‘THE MIDNIGHT SKY’ Review: George Clooney’s Latest Struggles To Connect


Courtney Howard


Rated PG-13, 122 minutes

Directed by: George Clooney

Starring: George Clooney, Felicity Jones, David Oyelowo, Tiffany Boone, Demián Bichir, Kyle Chandler, Caoilinn Springall, Sophie Rundle

Despite the great success George Clooney has had in front of the camera as a dashing, charismatic leading man, he’s had a pretty dismal career as a director. Outside of GOOD NIGHT, AND GOOD LUCK, his other offerings haven’t hit critically or commercially. At its best, THE MIDNIGHT SKY is a middling effort. It’s an unwieldy piece, suffering from difficulty connecting two separate narrative tracks into one cohesive picture. It’s clear he’s pulling inspiration from GRAVITY, THE MARTIAN, AD ASTRA and THE REVENANT, but few of those films’ strong qualities show up here. That combo of survivalist and space movie influences should be winning, yet here we are.

The emptiness within the Barbeau Observatory in the Arctic Circle feels cavernous. It’s February 2049, 3 weeks after “the event” (a.k.a. post-apocalypse). Earth’s atmosphere has become toxic and it’s only a matter of time before the region’s air will be infected too. While everyone else has abandoned the outpost in search of more viable living conditions, Astronomer Augustine Lofthouse (Clooney), who’s suffering from an isolating terminal illness, has chosen to stay behind to man the station. He’s tracking the spaceship Aether, which is returning to Earth after a long mission to determine if human life can be sustained on Jupiter’s recently-discovered moon K-23. Aether’s crew is comprised of pilot Mitchell (Kyle Chandler), Mission Specialist Sullivan (Felicity Jones), Flight Commander Adewole (David Oyelowo), and Communications Analysts Maya (Tiffany Boone) and Sanchez (Demián Bichir). They were on their way home when the cataclysmic event occurred, causing a three-week blackout in their communications with Mission Control. It’s only 12 more hours until Augustine can potentially make contact again to warn them of the dangers that await upon their return.

However, a few wrenches are thrown into Augustine and the Aether’s plans, threatening to send both off course. The Aether crew is challenged with the usual space-movie tropes like meteor showers, crew expendability and debating mission objectives. Back on Earth, mute child Iris (Caoilinn Springall) was accidentally left behind at the observatory, automatically becoming the aging astronomer’s charge. Augustine also must contend with daily transfusions to keep his illness at bay. In addition, his transmitter is too weak to reach the Aether, so his only option is to brave stormy, snowy conditions to reach a stronger antenna at a remote weather station. His lifelong quest to help man repopulate another planet may or may not happen in his lifetime.

Felicity Jones and David Oyelowo in THE MIDNIGHT SKY. Courtesy of Netflix.

Screenwriter Mark L. Smith’s adaptation – based on the novel “Good Morning, Midnight” by Lily Brooks-Dalton – does a sufficient job extrapolating the book’s themes of isolation and connection, which reverberate throughout the narrative, aesthetics and soundscapes. Alexandre Desplat’s symphonic score feels expansive and emotionally robust. Martin Ruhe’s sparkling cinematography is crisp with its subtle, steely cool undertones. Jim Bissell’s chic, lean production design – especially on the sleek ergonomics inside the ship – gives the film a rich texture.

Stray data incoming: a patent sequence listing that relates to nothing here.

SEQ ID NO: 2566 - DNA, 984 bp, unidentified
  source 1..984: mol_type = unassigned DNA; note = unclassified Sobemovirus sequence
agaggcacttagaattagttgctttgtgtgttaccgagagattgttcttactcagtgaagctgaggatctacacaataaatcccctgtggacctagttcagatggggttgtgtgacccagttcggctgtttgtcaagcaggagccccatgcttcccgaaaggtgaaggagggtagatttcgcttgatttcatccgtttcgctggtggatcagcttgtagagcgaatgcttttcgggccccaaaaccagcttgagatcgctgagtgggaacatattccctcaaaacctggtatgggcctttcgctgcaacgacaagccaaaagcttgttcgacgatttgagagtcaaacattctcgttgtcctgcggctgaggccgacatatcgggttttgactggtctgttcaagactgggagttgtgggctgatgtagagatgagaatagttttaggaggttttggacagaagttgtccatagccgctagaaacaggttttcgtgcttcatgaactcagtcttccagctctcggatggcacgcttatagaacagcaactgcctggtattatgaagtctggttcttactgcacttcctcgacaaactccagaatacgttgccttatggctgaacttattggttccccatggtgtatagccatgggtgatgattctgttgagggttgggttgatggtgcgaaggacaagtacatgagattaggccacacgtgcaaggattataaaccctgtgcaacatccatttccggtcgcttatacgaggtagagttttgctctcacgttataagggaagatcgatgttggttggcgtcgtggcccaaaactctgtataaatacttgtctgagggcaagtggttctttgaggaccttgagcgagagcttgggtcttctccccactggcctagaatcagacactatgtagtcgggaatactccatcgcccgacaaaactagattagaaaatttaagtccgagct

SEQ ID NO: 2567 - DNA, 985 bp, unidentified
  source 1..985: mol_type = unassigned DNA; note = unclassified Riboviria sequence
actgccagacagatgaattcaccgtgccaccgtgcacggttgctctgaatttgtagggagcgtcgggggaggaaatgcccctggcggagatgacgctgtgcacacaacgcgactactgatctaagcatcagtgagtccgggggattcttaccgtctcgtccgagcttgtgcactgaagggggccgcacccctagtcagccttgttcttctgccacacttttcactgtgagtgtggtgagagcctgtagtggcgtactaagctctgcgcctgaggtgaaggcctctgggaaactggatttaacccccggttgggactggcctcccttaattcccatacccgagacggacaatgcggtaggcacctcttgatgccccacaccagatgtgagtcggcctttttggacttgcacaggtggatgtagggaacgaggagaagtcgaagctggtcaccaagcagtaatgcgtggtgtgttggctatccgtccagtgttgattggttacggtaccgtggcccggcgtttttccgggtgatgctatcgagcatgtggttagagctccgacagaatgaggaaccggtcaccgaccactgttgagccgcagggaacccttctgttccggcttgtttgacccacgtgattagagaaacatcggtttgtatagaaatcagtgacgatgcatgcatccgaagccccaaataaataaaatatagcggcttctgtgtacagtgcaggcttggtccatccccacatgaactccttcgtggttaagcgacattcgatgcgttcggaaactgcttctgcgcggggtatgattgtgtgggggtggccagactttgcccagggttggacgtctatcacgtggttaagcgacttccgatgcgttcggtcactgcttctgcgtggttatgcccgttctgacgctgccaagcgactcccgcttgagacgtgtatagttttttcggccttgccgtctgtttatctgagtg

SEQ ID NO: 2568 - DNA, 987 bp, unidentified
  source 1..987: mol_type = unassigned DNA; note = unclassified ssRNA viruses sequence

Since this is Clooney’s film, his character is the most developed. They delve into Augustine’s moral complexities, portraying him as someone who “saves the cat,” which in this case is the young laconic stranger, but also takes a life, compassionately killing a half-dead man. The fascinating dichotomies don’t end there. He’s an explorer whose quest is to ensure humans live on, but whose own life is passing him by. There’s a good relationship dynamic established between Augustine and the youngster so when their survivalist mission begins, we genuinely care and feel invested in their safety. The dinner scene where the pair flick peas back and forth at each other is cute, and also adds needed levity, as later there isn’t room for any. Attempts to do the same for the Aether astronauts, seeing them spend time in their personal hologram simulations, or engaging in a group sing-a-long to Neil Diamond’s “Sweet Caroline,” is an admirable way to endear them to us– though these situations feel more expected than delightful. They’re dealt short shrift when it comes to fleshing out their characters beyond one dimension.

Jumping back and forth between the two storylines – one set in space and the other on Earth – robs each of their momentum. Their connective tissue, which intertwines through emotional through-lines and survival scenarios faced by both Sullivan and Augustine, is fairly thin and doesn’t leave much room for profundity. While Augustine’s physical and psychological stakes are bestowed with a sense of pressing urgency and further character development, the crews’ travails play like an amalgam of generic scenarios seen in space films past. There are also a few flashbacks that augment Augustine’s backstory – those featuring his failed relationship with an ex-girlfriend (Sophie Rundle). Those too take away from the narrative propulsion, and worse, lead into a gimmicky twist.

Perhaps the worst thing about THE MIDNIGHT SKY is its unreached potential. Failing to leave the audience with much to ponder after the credits roll is one thing. Not delivering wholly engaging characters to tether them the story is another.

Grade: 2 out of 5

THE MIDNIGHT SKY begins streaming on Netflix on December 23.

About author

Courtney Howard

Courtney Howard is a LAFCA, CCA, OFCS and AWFJ member, as well as a Rotten Tomatometer-approved film critic. Her work has been published on Variety, She Knows and Awards Circuit.